Don't believe the hype, just yet
Consistency now the key for Gilroy's men
The following 900 words or so have to carry the usual disclaimer. Dublin win an opening-round tie of the National Football League against All-Ireland champions at a difficult venue, cue an acceleration in the belief that they have turned a corner or laid down a marker of some sort.
It's not just media commentators who become entangled in the web of optimism. Dublin themselves have seen these victories as landmarks in the past.
The covert text of the 'blue book', Dublin's secretive pocket bible for 2008, declared the infamous battle of Omagh two years earlier, when they survived the cauldron of an explosive afternoon to emerge 1-09 to 1-06 victors over the then All-Ireland champions Tyrone, as a day when "we crossed the line together as a Dublin squad hasn't done in years".
And when a Jason Sherlock point earned them a 0-9 to 0-8 win over the same opposition in the opening match of the 2004 league it earned hearty acclaim from Tommy Lyons, who saw it as a "line in the sand" from a demoralising 2003 campaign.
It came as no surprise then that Pat Gilroy sought to apply grit to the surface of Dublin's latest successful opening league bow to ensure no one was losing their footing.
"There's no point in doing this and then next week playing brutal," detailed Gilroy in the knowledge that that this was the pathway taken after both league victories over Tyrone in 2004 and 2006.
Just seven days after that initial round-one success at Parnell Park six years ago, an experienced Dublin team headed west and suffered the humiliation of a 1-10 to 0-3 defeat to Mayo in Castlebar.
A similarly miserable sequence followed Omagh in 2006 as Monaghan exploited the absentees in personnel at Parnell Park for a seven point (1-11 to 0-7) victory one week later.
So Dublin have clear form in the past for taking two steps backwards after a giant step forward on day one. In three successive years from 2004 to 2006 Dublin have followed up on opening-day victories in the league by losing their next game. Two defeats under the lights of Croke Park to Tyrone have ensured that in five out of the last six seasons they have been a Division 1 team, they haven't been able to put back-to-back victories together.
Apart from the historical context of Sunday's win in Killarney, their first against Kerry in the league since 1982, there is also an enhancement factor to a very poor record away from home. It was only their sixth away league success since 2005, with the only other victory against a county that could be considered top tier coming against Tyrone in that fixture in 2006.
There have been hard falls on the road to Cork, Armagh, Kerry, Mayo and even Fermanagh, with wins over Limerick, Cavan and Donegal hardly striking a balance. By comparison to Galway, Kerry and Mayo, Dublin's away form is far inferior.
Still, Gilroy will, privately at least, feel a little glow of satisfaction that the weight of some of these statistics have been lifted. Only five who featured in that All-Ireland quarter-final last August took up starting places again. Kerry too had five survivors from August and far less preparation than Dublin, who have been doubling up the dose on Tuesday and Thursdays with challenging early-morning sessions designed to steel them and build morale.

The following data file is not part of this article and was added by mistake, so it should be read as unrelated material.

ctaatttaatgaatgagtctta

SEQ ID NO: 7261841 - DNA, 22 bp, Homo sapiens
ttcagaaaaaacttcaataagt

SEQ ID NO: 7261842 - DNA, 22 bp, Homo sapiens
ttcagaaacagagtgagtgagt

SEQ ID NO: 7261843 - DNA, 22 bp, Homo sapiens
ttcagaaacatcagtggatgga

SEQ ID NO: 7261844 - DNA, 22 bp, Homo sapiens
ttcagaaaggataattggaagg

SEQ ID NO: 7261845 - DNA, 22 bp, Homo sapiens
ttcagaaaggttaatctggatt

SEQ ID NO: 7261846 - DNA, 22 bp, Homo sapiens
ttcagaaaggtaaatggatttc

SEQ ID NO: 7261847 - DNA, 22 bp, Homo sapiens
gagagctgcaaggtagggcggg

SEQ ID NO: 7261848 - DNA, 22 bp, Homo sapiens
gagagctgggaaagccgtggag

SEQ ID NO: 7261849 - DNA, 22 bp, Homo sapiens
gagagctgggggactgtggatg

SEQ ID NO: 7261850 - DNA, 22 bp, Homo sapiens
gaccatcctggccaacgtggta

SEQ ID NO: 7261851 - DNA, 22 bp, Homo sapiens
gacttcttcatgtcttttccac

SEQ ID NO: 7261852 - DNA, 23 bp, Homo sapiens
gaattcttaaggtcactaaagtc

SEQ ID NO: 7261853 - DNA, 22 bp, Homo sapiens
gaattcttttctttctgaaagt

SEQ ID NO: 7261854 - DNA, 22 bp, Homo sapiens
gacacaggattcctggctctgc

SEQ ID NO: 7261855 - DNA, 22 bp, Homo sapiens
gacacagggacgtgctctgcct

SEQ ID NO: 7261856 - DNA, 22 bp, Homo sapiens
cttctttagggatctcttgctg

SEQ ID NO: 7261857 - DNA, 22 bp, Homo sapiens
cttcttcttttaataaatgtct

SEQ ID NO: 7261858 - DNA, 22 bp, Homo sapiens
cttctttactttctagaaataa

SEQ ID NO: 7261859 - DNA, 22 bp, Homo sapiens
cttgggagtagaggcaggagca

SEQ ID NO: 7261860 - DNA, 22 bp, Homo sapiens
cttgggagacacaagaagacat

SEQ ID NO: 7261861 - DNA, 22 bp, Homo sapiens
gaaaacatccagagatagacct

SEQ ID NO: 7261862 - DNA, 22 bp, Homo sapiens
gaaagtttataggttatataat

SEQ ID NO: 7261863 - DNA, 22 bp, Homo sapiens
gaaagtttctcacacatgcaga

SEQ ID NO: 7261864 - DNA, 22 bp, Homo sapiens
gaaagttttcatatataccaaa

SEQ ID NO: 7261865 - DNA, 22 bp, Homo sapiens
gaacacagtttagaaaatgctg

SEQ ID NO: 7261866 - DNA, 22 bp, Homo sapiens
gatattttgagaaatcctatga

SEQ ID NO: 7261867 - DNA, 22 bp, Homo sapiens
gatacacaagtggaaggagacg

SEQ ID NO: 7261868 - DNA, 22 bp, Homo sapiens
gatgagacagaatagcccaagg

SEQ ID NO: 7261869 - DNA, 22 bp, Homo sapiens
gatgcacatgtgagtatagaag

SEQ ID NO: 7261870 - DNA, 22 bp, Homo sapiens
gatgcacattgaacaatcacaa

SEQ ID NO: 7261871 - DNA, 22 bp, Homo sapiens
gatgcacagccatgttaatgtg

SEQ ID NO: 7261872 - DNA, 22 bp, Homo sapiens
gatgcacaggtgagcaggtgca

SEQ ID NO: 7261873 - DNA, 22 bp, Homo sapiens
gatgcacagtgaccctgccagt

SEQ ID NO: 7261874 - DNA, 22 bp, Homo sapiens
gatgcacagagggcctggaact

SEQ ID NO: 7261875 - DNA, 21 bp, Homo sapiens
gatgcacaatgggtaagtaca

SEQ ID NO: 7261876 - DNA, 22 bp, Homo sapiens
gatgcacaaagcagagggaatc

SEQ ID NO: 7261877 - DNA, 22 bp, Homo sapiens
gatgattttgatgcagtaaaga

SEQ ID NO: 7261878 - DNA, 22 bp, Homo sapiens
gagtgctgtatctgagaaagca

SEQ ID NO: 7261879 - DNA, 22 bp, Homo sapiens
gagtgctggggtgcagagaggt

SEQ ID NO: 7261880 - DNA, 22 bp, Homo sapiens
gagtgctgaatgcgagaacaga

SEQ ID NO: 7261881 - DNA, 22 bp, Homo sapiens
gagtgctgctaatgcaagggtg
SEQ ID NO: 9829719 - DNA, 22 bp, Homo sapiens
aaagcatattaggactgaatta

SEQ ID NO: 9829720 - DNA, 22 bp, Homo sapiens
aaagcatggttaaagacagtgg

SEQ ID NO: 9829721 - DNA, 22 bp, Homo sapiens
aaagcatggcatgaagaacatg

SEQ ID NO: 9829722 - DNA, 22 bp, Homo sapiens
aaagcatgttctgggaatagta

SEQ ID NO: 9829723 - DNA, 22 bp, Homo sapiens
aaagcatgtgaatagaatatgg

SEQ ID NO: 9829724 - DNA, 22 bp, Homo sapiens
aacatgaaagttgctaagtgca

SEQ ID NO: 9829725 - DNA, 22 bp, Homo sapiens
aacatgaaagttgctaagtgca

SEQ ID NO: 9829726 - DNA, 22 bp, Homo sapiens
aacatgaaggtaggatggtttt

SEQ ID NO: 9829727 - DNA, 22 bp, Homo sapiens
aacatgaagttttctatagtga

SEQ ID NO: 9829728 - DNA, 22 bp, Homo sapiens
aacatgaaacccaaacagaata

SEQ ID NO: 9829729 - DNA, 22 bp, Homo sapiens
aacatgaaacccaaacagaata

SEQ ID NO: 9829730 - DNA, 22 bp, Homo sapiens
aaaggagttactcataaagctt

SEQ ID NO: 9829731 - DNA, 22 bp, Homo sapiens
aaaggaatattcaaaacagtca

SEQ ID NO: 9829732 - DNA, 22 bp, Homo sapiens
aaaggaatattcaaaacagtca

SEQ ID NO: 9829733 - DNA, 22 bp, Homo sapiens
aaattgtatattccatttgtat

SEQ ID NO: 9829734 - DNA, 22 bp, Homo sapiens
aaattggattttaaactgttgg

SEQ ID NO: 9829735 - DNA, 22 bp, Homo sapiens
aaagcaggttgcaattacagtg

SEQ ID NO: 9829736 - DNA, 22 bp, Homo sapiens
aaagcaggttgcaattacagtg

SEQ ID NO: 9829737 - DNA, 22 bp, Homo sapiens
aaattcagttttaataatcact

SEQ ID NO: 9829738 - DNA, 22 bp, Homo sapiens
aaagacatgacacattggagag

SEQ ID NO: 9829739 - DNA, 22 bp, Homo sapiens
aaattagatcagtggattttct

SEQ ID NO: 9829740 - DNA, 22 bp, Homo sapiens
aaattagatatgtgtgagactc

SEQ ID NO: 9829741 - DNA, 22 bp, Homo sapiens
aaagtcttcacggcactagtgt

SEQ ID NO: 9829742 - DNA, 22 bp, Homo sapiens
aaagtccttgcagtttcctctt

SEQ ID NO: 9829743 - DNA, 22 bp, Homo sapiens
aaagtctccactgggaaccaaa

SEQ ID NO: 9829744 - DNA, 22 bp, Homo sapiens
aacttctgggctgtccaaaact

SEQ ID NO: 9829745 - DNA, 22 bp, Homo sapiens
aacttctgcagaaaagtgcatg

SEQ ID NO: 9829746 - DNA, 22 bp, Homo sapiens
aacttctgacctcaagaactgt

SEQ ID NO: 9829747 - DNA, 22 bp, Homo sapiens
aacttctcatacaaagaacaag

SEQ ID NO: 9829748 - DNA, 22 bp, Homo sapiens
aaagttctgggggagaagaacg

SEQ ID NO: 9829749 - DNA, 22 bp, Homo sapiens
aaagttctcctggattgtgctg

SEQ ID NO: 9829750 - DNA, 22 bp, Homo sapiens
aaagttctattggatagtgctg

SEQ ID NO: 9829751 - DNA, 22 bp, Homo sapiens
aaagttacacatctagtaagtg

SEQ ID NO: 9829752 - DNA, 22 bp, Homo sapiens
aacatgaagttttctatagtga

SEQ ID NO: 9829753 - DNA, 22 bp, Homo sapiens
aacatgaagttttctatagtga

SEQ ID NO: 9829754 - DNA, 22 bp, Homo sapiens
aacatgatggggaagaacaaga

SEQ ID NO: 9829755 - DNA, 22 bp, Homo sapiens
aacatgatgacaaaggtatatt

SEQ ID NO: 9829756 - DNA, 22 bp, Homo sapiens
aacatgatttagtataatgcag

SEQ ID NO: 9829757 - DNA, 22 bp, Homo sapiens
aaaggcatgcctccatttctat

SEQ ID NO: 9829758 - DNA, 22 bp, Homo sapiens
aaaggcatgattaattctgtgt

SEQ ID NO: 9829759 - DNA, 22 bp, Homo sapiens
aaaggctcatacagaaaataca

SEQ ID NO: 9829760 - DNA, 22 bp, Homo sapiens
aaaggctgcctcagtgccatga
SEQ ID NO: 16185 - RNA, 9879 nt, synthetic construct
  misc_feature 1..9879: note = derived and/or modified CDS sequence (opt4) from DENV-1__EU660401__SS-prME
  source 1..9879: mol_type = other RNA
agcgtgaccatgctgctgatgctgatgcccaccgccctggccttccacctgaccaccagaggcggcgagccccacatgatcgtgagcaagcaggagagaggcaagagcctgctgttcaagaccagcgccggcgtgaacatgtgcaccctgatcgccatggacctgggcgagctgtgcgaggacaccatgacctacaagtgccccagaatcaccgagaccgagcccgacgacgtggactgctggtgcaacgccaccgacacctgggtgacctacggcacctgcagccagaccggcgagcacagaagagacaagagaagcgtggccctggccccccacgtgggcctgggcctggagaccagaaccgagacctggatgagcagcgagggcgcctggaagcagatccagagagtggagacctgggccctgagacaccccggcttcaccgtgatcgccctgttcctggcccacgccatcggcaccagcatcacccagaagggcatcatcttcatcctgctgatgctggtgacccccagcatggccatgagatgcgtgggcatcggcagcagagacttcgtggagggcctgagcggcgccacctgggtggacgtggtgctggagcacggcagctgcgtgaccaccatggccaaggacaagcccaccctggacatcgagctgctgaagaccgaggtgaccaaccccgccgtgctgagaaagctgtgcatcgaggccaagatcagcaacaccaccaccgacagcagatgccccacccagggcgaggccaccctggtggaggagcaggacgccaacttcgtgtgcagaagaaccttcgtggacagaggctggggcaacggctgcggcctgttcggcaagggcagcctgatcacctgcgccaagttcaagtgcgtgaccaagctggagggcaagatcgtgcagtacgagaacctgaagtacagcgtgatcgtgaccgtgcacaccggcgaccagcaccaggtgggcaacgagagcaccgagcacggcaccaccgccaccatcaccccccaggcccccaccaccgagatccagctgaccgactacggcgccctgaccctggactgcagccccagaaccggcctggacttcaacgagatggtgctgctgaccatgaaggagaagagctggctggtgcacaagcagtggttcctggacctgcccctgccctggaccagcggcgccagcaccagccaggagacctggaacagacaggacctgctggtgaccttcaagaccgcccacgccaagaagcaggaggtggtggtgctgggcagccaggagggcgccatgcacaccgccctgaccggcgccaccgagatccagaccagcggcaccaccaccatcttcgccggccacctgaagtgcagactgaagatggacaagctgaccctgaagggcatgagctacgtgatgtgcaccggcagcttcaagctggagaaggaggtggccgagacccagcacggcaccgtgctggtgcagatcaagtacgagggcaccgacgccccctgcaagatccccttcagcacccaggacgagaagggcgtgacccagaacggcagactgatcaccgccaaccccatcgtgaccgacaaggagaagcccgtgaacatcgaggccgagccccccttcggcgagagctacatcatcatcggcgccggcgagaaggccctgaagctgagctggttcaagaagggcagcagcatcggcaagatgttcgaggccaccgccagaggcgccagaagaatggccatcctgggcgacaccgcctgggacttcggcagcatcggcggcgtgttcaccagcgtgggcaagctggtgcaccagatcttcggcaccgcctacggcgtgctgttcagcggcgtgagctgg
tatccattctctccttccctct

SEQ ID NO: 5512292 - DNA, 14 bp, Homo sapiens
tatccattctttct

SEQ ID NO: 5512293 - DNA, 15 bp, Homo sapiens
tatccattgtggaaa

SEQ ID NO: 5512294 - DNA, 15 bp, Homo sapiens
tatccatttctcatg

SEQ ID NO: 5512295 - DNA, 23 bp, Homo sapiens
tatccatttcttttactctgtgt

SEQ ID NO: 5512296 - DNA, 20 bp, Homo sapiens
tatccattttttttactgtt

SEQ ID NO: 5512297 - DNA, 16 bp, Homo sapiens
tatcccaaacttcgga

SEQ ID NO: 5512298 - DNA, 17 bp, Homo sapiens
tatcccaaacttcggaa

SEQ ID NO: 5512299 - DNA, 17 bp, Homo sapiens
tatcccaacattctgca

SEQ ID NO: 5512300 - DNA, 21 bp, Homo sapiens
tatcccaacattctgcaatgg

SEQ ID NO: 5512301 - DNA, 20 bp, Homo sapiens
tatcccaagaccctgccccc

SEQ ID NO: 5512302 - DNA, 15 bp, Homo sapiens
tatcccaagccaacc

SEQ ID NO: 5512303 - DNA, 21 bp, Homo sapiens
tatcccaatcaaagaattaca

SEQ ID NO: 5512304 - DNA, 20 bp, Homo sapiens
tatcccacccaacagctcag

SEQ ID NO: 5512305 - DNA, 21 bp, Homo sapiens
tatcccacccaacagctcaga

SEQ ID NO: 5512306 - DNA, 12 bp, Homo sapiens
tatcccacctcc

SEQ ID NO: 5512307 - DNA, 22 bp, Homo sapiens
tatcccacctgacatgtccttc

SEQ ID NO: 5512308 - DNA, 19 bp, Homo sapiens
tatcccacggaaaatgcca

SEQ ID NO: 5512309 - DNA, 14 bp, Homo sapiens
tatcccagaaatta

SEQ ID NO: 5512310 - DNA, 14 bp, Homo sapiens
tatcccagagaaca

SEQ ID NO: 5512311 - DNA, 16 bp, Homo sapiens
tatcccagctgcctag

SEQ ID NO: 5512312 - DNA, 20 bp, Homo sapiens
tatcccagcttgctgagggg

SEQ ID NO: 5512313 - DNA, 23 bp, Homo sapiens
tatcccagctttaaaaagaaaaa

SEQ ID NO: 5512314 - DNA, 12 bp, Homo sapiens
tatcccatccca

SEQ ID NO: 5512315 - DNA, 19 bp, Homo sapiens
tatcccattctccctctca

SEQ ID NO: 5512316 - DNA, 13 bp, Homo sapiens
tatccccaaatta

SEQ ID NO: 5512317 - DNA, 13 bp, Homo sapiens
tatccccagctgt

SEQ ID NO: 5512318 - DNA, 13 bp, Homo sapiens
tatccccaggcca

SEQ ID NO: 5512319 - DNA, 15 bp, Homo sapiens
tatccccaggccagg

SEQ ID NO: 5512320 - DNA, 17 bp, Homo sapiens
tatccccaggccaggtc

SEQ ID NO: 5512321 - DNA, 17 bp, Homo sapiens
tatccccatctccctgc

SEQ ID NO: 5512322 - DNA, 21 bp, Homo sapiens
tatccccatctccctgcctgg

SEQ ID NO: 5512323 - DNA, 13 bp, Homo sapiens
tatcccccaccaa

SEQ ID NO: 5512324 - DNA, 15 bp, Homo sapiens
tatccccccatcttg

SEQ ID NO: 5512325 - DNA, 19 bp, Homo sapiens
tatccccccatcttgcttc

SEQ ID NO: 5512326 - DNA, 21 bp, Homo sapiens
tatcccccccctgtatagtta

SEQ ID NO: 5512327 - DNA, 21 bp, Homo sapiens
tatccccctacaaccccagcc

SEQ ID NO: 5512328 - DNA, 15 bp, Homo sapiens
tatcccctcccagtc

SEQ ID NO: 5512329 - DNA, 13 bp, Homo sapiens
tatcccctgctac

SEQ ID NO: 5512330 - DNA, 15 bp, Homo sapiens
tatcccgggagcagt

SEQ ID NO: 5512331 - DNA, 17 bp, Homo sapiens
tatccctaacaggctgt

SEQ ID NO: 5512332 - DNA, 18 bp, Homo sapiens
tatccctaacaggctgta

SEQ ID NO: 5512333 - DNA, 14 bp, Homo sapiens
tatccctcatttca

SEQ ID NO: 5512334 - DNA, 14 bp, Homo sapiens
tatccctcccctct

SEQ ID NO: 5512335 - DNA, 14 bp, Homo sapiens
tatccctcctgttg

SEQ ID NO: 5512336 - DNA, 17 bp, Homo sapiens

But the All-Ireland champions could still call on a significant bank of experience, with two thirds of the team having featured in an All-Ireland final in the last three years.
Gilroy has never hid his admiration for Tyrone's style of play and their high-octane, perpetual motion game provided the template for what the visitors set about doing on Sunday.
David Henry, selected at corner-forward, dropped back as a sweeper and Alan Hubbard, a corner-back who had the misfortune to be paired with Stephen O'Neill in last year's floodlit game against Tyrone, adapted reasonably well as a half-forward. Paul Flynn and Michael McAuley, nominally a midfielder but named at centre-forward, also adopted deeper positions as Dublin put security at one end ahead of ambition at the other.
The victory will at least fortify what the Dublin management have set about trying to do over the last few months. The early-morning sessions could have easily become a point of ridicule if Kerry had rolled them over, the large numbers being kept on the squad -- there were over 50 at the last count -- could also have become a point of contention.
But the choice of personnel in which faith has been placed has, for now, been justified. Rory O'Carroll and Philip McMahon can offer potential solutions to the full-back line while Eamonn Fennell continues to mature as a midfielder. Now that his home club O'Toole's have cleared the way for him to play for Dublin regardless of his club status, he can only improve. A Ciaran Whelan prototype he may not be, but perhaps he can provide a different type of presence.
McAuley was the other big contributor of those deemed to be new or relative new, his insurance point complementing a significant number of assists for other scores. He's still raw but busy and effective, as he showed in last year's club championship with Ballyboden.
Derry arrive back at Parnell Park next Saturday night and, given the mauling they dished out in last year's league to Gilroy's Dublin, it's the perfect barometer to establish if they can find that level of consistency they crave.